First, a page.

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Content Marketing 8 min read

Words Vs. Background:
10 Ways To Make Pictures With Text Work

Words Vs. Background: 10 Ways To Make Pictures With Text Work
Picture by: Maria Marikutsa
Words Vs. Background: 10 Ways To Make Pictures With Text Work 16261788120847
Eugine Dychko
Product marketing manager at Crello
with 6 years experience in digital marketing, copywriting and PR.
Every day we scroll through thousands of posts, pictures and videos. Our brains have less than a second to decide what's interesting, and appealing to ultimately stop searching. There are just too many options and distractions.
This issue becomes critical when it comes to pictures with text. If words are hard to read and understand, your post will simply get ignored. Images with text should present information in a clear and simple way to grab a user's attention.

How to make graphics with text legible and eye-catching? Follow these 10 tips and learn from examples made with Crello.

Picking the right background

It is hard to read skinny text on a multicolored background because it gets lots in front of all the colors. A font that is slightly darker or lighter than the color of the background will also be hard to read.

Work towards creating contrast with the background:

  • Make a colorful picture lighter or darker
  • Apply color or gradient filters
  • Blur the background to make it less intense.
A reader shouldn't have to look carefully and guess the meaning behind the text. Your job is to make the message clear at first sight. Sacrifice the beauty of an image to make the text legible and clear. The fewer details there are in your background picture, the simpler it is to engage users with text alone.

Add a partial color layover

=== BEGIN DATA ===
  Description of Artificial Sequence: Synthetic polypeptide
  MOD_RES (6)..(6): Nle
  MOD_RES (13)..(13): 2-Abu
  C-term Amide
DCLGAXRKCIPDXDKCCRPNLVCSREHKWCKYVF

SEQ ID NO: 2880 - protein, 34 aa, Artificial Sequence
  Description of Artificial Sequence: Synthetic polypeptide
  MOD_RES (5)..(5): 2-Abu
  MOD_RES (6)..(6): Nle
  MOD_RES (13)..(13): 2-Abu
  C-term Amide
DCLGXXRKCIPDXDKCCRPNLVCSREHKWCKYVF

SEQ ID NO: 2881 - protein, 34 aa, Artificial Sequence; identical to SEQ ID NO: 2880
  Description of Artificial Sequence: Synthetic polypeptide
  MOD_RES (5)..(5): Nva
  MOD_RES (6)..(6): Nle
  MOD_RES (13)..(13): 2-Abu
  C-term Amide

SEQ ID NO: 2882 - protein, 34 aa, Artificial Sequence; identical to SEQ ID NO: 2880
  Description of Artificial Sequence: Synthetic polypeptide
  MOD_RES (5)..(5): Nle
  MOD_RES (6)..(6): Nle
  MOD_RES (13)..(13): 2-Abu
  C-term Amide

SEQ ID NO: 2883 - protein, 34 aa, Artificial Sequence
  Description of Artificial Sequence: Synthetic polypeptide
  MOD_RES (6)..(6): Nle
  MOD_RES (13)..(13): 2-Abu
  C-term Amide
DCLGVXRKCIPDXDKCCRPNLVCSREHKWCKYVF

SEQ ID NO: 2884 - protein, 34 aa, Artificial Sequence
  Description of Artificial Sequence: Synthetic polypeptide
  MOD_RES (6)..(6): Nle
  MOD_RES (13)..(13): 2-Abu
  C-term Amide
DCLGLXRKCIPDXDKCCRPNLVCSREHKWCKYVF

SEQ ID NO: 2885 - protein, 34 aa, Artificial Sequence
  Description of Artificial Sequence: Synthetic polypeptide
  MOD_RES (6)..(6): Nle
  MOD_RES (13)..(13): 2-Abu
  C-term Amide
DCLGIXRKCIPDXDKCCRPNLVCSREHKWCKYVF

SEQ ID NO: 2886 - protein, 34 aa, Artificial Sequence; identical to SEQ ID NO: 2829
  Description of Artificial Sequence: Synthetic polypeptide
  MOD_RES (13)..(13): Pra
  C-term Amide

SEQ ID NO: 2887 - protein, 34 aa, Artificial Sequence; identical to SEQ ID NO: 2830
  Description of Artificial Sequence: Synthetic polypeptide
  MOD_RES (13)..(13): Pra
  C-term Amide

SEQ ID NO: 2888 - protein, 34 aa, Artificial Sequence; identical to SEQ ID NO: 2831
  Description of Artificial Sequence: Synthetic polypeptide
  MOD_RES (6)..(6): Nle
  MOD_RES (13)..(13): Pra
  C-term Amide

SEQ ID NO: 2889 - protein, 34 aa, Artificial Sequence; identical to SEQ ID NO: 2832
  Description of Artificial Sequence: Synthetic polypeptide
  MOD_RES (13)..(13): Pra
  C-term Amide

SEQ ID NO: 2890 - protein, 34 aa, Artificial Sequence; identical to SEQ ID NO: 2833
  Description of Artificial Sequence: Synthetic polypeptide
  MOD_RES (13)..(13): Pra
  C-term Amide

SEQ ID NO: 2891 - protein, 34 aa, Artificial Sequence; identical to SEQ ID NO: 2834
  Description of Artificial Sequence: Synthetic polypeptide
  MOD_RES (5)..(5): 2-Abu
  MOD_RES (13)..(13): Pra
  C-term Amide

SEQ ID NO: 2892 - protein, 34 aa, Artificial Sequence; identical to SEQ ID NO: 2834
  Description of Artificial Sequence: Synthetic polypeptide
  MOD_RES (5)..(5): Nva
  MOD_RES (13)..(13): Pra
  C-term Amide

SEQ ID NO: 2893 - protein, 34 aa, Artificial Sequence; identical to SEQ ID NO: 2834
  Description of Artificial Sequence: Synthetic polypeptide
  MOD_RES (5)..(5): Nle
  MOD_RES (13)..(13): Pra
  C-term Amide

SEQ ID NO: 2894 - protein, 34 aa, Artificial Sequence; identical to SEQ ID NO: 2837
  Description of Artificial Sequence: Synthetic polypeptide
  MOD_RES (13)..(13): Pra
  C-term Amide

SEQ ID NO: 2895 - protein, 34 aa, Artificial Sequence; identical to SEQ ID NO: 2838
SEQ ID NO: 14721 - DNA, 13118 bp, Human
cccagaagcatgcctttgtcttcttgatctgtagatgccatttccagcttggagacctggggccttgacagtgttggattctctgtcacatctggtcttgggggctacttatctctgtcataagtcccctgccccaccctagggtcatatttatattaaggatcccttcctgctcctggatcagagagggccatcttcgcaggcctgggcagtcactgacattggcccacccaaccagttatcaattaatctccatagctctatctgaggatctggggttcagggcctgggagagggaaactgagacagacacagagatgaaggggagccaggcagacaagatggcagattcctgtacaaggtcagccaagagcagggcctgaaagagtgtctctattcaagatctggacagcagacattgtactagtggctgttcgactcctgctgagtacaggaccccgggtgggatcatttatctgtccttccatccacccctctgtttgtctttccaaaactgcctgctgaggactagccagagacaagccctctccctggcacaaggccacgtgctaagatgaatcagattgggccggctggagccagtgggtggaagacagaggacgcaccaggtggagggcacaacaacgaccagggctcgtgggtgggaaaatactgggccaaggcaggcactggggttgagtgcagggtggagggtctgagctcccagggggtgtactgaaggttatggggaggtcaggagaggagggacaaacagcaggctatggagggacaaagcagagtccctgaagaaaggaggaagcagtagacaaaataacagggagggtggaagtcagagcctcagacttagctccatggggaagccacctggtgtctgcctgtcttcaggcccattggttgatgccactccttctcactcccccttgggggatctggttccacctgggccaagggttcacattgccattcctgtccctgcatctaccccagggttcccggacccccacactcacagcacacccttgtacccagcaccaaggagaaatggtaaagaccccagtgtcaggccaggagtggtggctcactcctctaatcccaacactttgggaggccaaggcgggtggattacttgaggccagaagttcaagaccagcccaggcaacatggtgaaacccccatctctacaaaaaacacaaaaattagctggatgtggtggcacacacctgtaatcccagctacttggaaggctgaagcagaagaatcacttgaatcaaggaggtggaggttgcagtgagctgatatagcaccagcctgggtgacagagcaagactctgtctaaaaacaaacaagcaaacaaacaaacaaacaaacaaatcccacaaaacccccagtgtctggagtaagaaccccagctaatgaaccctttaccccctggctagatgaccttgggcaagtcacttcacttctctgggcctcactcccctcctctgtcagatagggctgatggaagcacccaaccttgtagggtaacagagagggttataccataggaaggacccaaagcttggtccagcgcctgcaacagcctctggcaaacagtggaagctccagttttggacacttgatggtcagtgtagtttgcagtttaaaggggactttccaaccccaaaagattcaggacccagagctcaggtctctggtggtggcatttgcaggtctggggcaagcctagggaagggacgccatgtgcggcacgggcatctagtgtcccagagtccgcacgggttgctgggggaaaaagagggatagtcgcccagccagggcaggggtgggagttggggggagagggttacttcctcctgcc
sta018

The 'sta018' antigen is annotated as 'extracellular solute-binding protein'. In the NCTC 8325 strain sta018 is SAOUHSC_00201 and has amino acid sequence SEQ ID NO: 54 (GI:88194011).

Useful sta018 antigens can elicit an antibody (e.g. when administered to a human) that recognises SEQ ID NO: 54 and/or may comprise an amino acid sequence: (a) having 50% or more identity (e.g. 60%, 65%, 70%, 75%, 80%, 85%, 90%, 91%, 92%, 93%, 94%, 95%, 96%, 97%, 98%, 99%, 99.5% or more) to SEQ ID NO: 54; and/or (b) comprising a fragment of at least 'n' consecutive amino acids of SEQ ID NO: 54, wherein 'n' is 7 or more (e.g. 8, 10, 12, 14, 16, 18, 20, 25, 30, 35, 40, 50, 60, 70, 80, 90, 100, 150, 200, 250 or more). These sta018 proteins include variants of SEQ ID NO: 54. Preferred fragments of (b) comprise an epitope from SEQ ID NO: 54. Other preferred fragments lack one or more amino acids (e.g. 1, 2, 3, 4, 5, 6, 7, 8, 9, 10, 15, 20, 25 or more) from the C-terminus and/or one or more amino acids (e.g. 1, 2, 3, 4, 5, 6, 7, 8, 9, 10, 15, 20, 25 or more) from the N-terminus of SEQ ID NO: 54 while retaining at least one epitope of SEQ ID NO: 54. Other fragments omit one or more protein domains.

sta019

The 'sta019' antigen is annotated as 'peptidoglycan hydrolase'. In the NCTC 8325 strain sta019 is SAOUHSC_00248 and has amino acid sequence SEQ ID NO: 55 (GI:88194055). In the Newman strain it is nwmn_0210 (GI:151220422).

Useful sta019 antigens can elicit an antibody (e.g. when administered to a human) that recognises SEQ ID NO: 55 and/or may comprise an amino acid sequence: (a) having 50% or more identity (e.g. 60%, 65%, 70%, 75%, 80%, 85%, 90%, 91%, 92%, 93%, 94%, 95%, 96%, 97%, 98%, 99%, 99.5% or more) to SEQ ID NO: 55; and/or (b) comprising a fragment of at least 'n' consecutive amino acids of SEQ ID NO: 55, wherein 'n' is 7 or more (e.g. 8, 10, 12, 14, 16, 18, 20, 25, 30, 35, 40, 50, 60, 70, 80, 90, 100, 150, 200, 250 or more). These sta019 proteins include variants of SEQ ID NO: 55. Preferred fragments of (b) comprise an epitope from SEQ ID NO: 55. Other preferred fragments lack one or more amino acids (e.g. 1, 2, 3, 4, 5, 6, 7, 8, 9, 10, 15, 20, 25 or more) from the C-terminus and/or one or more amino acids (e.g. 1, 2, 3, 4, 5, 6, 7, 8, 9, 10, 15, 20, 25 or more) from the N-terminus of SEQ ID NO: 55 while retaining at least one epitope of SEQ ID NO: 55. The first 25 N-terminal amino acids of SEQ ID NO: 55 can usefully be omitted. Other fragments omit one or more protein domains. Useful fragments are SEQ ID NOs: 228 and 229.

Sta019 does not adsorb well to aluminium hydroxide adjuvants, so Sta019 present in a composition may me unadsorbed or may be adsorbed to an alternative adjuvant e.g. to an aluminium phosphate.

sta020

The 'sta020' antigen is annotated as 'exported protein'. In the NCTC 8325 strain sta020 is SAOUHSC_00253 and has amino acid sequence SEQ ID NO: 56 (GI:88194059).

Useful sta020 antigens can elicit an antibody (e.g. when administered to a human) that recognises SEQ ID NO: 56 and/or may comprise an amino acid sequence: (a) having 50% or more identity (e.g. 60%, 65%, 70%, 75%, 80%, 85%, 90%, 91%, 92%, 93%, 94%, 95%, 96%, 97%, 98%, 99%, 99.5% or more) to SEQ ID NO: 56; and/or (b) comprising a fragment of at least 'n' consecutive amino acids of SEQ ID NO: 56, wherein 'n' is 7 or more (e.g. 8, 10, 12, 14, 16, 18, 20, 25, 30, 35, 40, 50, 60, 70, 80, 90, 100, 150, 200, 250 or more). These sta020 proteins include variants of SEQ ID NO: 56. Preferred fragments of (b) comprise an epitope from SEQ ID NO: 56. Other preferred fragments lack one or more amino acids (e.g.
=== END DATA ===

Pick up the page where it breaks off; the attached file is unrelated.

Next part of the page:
If you don't feel like adjusting the background picture is the right move, use a contrasting color layover under the text. A color layover can be in the form of a geometric figure, a spot, or a separate piece of layover under each line of text.

Even the slightest color contrast can help separate the text from the picture and make it more legible.

Integrate text into your design

Words that become a part of the graphic work better than a plain text. To successfully integrate text into a design, you need to experiment a little.

You can start by using templates in online graphic editors. Try to split the text into several parts and place them on the picture with contrast. You can also use words and letters as stand-alone graphic elements.

Respect color combinations

Faded grey text is hard to read while green text on a red background will look like it is going to jump out and murder you. Black on white is a classy choice but an obvious one.

To make a design more pleasing to the eye, choose dark grey for the text and alabaster white for the background. Stick to your gut instinct – if the color combination doesn't seem harmonious, ditch it. Use services like Coolors, Paletton and Adobe Color CC to find the best color combination or create a new one yourself. Don't use more than 3-4 hues in one picture.
Words Vs. Background: 10 Ways To Make Pictures With Text Work 16261788120848

Repeating elements

Repetition of different design elements like hues, fonts, and icons, help create a more clear and holistic graphics. Using repetition, you can create rhythm in design, just like in a poem.